By Pat Nolan, DVL Public Relations & Advertising
August 15, 2008
This is the day that over 1,500 employees go home for the last time from their positions with the state of Tennessee.
They have accepted buyouts to leave their jobs, so the state can try to balance its budget this coming year (saving $64 million). Now the number of employees leaving is not as many as the state said it needed (2,300), so the possibility of layoffs now hangs in the air, beginning as early as January (when the new General Assembly comes to Nashville). And with the economy continuing to worsen (unemployment in the state is now 6.9%, the highest in 21 years), there may be the need for still further cuts in Tennessee government. Of course, it was likely the weakening economy that led many state workers who were offered the buyouts to turn them down. Now what happens, if they are targeted for layoffs?
I suspect there are at least two state workers still on the job that Governor Bredesen wishes were going out the door. One is a State Trooper who previously got in trouble for trying to fix a ticket for the then- Deputy Governor a few years back. Now the Trooper is under investigation again, this time for allegedly doing unwarranted criminal background checks on individuals. The news has been featured prominently in the Nashville media, and it has raised new questions about whether the reforms and new leadership the Governor implemented for the Highway Patrol, are really working. The Governor says they are, but this ghost of scandals past certainly makes it difficult for him.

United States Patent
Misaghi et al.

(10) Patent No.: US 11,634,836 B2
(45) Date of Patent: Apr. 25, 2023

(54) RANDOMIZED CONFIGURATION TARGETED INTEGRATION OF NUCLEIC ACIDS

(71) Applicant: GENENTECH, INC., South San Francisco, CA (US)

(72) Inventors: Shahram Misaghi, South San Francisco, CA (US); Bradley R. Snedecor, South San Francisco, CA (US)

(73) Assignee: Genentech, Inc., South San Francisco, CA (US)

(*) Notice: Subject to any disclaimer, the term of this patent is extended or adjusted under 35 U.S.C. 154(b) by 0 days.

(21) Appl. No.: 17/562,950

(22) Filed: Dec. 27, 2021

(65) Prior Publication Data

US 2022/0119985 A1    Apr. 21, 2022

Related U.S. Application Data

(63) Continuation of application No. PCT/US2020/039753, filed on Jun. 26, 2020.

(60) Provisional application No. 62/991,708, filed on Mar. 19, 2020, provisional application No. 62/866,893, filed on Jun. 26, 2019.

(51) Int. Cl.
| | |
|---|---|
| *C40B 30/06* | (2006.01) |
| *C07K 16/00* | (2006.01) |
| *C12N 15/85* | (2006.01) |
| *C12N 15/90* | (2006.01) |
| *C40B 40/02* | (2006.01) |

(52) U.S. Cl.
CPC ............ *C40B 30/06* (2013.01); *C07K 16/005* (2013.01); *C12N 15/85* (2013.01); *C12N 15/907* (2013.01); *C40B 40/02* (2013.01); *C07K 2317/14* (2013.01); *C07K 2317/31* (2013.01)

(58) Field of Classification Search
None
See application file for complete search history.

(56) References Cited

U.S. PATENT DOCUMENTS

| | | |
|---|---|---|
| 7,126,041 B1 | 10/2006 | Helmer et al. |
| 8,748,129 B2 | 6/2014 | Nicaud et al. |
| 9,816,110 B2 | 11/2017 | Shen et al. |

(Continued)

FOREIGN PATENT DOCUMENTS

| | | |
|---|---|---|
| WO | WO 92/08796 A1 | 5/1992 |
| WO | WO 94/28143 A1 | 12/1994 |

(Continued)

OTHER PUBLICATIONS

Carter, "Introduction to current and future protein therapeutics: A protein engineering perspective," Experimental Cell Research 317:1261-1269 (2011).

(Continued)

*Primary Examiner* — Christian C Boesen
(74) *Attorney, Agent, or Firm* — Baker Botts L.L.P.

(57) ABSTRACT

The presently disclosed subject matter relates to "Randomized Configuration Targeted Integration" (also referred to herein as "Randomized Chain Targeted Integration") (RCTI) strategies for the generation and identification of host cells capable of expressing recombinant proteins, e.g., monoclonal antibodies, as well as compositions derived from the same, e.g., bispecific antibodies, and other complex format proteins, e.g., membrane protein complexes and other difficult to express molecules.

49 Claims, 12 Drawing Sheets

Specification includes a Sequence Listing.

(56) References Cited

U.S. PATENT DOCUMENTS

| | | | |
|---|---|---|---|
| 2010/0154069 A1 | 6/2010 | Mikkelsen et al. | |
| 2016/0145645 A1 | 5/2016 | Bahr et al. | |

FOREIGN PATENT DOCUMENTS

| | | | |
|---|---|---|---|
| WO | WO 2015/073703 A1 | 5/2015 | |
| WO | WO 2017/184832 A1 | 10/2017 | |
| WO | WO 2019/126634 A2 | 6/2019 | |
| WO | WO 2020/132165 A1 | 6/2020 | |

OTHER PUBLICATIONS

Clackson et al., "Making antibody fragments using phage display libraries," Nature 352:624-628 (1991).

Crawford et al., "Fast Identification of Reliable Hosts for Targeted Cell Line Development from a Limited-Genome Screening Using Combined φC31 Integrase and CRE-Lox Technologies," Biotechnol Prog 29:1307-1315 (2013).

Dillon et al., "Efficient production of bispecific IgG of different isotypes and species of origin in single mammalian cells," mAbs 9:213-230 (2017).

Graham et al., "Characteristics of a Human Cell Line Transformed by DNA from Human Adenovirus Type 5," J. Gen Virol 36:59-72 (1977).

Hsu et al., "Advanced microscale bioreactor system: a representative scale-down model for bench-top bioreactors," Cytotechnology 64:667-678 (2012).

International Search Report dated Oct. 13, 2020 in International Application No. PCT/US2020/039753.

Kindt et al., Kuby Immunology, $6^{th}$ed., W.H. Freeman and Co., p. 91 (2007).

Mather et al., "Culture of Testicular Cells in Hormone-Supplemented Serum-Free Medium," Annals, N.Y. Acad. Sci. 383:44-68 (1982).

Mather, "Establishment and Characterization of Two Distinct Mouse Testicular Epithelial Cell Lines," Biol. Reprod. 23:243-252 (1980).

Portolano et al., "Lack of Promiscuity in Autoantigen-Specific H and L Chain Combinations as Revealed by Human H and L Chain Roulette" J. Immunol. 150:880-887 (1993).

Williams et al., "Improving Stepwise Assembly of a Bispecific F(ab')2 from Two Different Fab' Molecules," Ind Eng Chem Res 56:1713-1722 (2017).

Then there's another of his former top aides who has come back to state government after leaving the Governor's office following charges of sexual harassment. The Governor says he advised the department hiring him not to do so, but the Tennessee Regulatory Authority makes its own personnel decisions and the Governor can't change them.
Life at the top is never simple or easy, even approaching your final two years in office.
My INSIDE POLITICS show has some very interesting guests this week.
Political insiders Larry Woods (Democrat) and Chip Saltsman (Republican) give us their thoughts about the status of the race for president, from the ads wars involving who is biggest or worst "celebrity" who is not equipped to run the country, to who these candidates (Senators Barack Obama and John McCain) will pick for their running mates.
Both agree that right now, this race is much more about Obama than it is McCain. That it's Obama's race to lose in many ways. That's why how the Illinois Senator handles his selection of a VP running mate and how the Democratic convention comes down in the next two weeks will critical to his chances. If he can succeed in finding a way to get voters more comfortable with his candidacy, he will be very tough to beat come November. If not, McCain has a real shot.